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GNURULZ
November 11th, 2008, 10:45 PM
Hello all I need some help on a BASH script that is an exercise in my Linux class i am not very sure on how it works and i need someone to explain to me how it will work and maybe some examples. The exercise is listed below thanks in advance.

The Problem

In the Linux file system, it is possible to create a hard link for a file. This is essentially having the file appear in more than one place in the directory tree, by entering the file in more than one directory (or more than once in the same directory).

In this exercise you will be using the ls command to search for files with hard links in every directory in the PATH environment variable. To do this, you will need to search every directory in PATH, and pick out the files with hard links with the -i switch, and then creating a listing of those files.
Help for bash programming exercise

Below, help is provided for the shell programming exercise to create the wi script. Use this in conjuction with the sample scripts.
Pseudo-Code:

1 While the first cmd line parameter is not empty
2 Loop setting a shell variable equal to each word in the current path
3 Execute the "ls" command to show the file
4 If the first cmd line parameter is in the directory of this loop
5 Execute the "ls" command again but his time putting the result into a word list variable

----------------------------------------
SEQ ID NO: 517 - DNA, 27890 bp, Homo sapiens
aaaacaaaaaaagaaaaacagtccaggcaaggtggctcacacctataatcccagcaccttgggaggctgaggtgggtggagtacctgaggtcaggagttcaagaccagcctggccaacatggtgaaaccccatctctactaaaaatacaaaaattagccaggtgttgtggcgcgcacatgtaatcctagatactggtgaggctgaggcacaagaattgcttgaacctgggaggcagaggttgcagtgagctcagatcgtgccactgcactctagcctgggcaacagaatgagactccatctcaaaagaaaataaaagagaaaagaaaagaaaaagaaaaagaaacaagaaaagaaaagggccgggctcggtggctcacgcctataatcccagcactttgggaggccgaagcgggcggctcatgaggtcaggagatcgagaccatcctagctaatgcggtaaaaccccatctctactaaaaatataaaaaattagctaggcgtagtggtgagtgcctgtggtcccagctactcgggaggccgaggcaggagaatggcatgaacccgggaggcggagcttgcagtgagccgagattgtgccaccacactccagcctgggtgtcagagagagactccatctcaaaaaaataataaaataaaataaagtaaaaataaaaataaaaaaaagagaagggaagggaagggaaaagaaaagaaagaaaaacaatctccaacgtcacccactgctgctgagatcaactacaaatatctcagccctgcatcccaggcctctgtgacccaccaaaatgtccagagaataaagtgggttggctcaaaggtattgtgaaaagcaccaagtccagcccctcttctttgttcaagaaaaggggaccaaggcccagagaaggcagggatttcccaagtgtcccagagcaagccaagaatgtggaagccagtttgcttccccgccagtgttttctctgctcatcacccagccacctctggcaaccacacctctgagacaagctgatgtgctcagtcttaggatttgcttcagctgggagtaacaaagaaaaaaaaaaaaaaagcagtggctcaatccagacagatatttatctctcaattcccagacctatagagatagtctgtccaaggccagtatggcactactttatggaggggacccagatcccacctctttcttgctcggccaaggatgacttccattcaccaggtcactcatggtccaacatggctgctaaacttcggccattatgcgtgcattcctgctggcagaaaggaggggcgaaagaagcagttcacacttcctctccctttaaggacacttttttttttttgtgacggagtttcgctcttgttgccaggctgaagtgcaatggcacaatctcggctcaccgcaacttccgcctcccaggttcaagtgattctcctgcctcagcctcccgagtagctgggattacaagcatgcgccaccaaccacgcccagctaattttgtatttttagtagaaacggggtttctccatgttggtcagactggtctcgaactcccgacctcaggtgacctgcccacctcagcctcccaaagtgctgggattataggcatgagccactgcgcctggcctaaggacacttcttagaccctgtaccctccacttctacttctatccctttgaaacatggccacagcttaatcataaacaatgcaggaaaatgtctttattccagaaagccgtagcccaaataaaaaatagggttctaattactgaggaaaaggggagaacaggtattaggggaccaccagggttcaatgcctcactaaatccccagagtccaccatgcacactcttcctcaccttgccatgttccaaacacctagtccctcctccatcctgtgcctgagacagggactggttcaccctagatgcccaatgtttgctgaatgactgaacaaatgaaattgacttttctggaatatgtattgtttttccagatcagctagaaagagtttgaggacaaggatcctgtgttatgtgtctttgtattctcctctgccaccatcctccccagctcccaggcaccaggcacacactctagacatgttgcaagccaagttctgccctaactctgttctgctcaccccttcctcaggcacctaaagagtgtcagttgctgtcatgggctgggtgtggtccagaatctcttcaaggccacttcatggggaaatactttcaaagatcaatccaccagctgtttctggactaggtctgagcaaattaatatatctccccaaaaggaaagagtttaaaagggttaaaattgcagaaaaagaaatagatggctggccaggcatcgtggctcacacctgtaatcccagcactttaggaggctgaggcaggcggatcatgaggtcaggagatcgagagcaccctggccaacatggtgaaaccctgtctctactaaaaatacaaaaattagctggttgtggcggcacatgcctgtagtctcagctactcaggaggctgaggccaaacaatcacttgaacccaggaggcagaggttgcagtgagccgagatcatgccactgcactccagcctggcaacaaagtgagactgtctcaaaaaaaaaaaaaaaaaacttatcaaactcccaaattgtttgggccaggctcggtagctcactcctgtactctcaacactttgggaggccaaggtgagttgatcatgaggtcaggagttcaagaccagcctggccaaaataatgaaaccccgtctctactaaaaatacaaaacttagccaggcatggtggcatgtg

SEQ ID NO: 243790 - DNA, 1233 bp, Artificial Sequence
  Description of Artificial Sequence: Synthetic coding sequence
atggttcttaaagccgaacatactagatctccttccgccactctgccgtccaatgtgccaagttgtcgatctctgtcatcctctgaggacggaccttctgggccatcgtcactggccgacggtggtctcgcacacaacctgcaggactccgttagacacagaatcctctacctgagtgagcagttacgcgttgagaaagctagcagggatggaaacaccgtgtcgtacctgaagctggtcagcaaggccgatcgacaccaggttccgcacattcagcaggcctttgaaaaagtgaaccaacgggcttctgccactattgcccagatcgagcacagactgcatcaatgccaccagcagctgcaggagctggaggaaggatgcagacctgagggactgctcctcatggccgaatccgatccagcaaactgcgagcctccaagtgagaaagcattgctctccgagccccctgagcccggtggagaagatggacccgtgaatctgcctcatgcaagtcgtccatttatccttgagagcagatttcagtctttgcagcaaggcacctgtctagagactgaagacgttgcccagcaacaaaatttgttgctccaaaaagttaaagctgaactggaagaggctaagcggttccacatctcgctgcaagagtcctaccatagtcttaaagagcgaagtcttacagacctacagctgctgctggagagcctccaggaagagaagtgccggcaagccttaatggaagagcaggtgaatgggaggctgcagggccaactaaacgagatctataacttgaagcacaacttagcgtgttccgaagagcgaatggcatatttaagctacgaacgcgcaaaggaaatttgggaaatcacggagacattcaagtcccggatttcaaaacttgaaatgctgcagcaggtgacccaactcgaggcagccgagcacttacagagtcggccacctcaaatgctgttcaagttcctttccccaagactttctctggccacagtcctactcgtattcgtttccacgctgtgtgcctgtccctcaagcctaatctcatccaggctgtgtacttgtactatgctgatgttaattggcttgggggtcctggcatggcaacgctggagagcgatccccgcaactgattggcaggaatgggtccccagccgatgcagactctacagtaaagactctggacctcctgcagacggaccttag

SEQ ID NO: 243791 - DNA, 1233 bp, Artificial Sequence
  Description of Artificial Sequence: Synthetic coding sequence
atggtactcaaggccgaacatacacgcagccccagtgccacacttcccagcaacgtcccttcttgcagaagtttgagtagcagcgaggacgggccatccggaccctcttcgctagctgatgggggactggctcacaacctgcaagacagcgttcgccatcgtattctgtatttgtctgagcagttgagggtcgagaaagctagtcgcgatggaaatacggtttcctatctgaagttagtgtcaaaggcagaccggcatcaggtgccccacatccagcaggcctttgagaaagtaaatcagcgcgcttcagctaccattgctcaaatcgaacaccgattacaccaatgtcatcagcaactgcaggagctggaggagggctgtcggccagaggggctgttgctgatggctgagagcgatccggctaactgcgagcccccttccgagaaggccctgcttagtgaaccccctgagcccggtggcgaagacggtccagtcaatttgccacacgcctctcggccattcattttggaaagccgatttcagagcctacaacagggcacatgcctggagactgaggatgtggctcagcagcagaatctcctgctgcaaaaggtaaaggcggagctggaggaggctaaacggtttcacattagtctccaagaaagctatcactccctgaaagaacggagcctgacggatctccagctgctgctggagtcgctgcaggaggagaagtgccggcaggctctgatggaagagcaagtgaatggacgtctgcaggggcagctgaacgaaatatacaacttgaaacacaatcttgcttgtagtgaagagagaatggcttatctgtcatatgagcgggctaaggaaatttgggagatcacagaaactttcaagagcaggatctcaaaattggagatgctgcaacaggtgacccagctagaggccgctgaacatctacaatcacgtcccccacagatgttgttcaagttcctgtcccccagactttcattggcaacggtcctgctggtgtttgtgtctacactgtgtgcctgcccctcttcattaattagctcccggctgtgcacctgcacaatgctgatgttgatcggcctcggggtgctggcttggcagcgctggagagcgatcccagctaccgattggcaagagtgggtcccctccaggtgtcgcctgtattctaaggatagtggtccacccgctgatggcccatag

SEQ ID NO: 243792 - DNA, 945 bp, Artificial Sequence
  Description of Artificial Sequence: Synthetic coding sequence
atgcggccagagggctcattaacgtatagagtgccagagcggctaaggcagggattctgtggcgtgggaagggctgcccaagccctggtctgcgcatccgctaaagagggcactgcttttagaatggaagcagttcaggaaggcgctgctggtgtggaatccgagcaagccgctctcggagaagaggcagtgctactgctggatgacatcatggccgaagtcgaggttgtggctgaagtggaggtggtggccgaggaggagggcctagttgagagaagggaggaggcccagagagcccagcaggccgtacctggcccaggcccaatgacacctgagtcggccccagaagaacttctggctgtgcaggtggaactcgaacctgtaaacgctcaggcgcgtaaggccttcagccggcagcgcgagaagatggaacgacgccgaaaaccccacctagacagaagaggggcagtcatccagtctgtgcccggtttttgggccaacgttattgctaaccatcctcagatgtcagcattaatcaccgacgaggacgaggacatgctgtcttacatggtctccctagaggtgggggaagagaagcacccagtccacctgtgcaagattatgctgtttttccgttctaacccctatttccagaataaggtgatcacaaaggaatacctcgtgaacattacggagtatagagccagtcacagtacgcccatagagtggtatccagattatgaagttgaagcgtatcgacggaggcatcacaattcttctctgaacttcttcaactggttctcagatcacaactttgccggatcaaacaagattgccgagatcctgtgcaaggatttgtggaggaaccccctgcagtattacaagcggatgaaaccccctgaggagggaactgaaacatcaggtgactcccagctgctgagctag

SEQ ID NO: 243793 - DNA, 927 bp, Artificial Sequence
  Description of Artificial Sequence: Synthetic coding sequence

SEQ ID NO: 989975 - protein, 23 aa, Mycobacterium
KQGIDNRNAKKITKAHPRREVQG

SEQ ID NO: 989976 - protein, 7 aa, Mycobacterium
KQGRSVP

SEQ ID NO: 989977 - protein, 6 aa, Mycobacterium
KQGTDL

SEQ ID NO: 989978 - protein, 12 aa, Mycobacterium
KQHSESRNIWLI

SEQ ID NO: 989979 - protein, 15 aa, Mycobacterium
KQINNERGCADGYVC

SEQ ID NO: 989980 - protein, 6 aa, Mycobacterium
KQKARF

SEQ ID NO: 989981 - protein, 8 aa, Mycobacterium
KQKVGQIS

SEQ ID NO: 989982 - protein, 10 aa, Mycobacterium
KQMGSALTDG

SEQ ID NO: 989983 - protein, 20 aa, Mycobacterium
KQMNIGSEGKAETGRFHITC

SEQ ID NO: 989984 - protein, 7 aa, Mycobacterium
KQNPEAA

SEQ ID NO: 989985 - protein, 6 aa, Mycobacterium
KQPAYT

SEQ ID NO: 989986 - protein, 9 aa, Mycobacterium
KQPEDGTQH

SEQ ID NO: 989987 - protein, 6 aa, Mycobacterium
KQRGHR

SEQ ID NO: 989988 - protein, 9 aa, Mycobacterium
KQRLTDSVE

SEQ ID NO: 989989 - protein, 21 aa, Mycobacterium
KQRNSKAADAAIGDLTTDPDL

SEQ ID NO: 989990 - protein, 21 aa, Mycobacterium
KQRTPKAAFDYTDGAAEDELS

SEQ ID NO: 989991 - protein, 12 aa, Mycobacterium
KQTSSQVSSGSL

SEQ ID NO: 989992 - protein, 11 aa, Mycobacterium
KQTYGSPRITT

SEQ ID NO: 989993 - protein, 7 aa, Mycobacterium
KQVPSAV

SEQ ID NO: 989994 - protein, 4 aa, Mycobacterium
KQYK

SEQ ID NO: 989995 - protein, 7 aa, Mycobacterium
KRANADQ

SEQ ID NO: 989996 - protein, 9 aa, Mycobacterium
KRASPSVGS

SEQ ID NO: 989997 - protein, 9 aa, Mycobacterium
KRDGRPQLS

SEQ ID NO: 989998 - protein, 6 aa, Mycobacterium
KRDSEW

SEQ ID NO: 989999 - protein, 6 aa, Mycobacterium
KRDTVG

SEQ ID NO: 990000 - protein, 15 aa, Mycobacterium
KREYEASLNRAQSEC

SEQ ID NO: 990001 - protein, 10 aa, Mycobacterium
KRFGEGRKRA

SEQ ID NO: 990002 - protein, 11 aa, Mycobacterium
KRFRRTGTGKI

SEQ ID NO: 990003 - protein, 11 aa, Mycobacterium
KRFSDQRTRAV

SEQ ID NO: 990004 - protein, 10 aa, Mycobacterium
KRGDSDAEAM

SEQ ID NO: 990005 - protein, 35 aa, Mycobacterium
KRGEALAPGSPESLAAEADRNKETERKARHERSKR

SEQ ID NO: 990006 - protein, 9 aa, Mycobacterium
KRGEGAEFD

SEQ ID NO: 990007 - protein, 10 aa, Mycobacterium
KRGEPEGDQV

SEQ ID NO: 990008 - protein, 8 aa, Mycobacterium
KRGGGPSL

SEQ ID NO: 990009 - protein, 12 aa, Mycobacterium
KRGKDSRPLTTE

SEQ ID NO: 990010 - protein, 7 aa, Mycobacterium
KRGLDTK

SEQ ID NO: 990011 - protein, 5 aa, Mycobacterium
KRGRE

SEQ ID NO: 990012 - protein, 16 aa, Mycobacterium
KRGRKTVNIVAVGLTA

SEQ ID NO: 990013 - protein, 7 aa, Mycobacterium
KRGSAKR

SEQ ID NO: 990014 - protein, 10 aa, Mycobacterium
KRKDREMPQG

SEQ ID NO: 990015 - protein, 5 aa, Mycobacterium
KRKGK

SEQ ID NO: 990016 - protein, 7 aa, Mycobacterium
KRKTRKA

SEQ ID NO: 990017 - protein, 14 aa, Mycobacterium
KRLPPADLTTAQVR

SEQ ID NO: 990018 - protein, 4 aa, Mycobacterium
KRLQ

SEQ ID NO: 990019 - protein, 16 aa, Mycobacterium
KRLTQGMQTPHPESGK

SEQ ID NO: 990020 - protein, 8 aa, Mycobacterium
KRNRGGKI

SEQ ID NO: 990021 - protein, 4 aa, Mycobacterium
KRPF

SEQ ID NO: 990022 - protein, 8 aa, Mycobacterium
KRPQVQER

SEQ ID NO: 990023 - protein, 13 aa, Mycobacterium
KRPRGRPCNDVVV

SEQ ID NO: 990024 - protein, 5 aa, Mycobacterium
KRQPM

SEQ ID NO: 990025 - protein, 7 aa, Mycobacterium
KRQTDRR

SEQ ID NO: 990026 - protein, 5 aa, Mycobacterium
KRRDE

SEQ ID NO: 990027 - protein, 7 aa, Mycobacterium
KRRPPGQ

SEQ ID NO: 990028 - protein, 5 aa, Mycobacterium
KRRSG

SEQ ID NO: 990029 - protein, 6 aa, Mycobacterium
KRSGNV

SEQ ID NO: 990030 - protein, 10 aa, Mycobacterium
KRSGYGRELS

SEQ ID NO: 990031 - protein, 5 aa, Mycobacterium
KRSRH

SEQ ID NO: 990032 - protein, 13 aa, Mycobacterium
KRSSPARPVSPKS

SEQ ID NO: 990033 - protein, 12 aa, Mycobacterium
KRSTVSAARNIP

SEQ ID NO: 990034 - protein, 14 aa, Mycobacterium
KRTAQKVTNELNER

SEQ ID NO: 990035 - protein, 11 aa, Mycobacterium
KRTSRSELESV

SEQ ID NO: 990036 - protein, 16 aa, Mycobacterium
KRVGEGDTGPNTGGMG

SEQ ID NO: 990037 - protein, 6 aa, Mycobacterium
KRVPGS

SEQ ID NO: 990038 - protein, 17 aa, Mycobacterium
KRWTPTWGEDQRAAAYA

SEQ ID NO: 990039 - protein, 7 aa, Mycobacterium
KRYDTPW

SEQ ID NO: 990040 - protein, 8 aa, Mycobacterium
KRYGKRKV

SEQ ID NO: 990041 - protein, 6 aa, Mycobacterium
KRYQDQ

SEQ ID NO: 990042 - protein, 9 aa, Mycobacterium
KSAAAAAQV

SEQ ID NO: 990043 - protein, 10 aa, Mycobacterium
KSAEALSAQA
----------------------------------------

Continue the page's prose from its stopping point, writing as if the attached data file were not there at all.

6 If the Third field (word) of this indicates multiple links
7 echo "Links to following files;"
8 Search and display for files with the same inode
9 endif
10 endif
11 endloop
12 Move all parameters down one
13 echo " "
14 endloop

Notes

Lines 1 and 12
These use all the parameters in the command line in succession. They shift them all down once per iteration so that they all successively take the position $1. When $1 is empty then all command line parameters have been used and the loop should terminate.

See: while, shift
Line 2
Use a loop to get each word in word list defined by PATH into a script variable. This loop will iterate with the variable set to each successive directory entry in the path.

See: for
Line 3
Show the file with ls.

Line 4
If the current command line parameter $1 is in this directory, process. (hint: Concatenate the current path with the file name to form path/file. Use the if operation to determine existance).

Line 5
Use the ls command, but put its output into a shell variable in the form of a word list.

Line 6
The result of the ls command is tested to see if there are multiple links to the file. (hint. convert to an array to extract the number of links and test for greater than one).

Line 8
Use the find command to search the current directory, all files with the same inode are found and listed. They should be listed using the exec option of find to list the file, once again using ls.

General hints

Assigning variables and arrays:

BORRIS="dog" - sets the variable BORRIS to a string "dog"
FRED="ls $BORRIS" - sets FRED to a string "ls dog"
FRED='ls $BORRIS' - sets FRED to a string "ls $BORRIS"
FRED=(ls $BORRIS) - sets FRED to an array (ls dog)FRED="`ls $BORRIS`" - sets FRED to a string "output of ls"
FRED=(`ls $BORRIS`) - sets FRED to an array (output of ls)

Most important hint:
Start slowly. Build it up slowly from the outside inwards.

Best hints of the day: Use

find $dir -inum $info[1] -print

Then replace the printing option with

-exec ls -ldi {} \;

What is the difference between these two?

bodhi.zazen
November 11th, 2008, 11:04 PM
... <clip> ...

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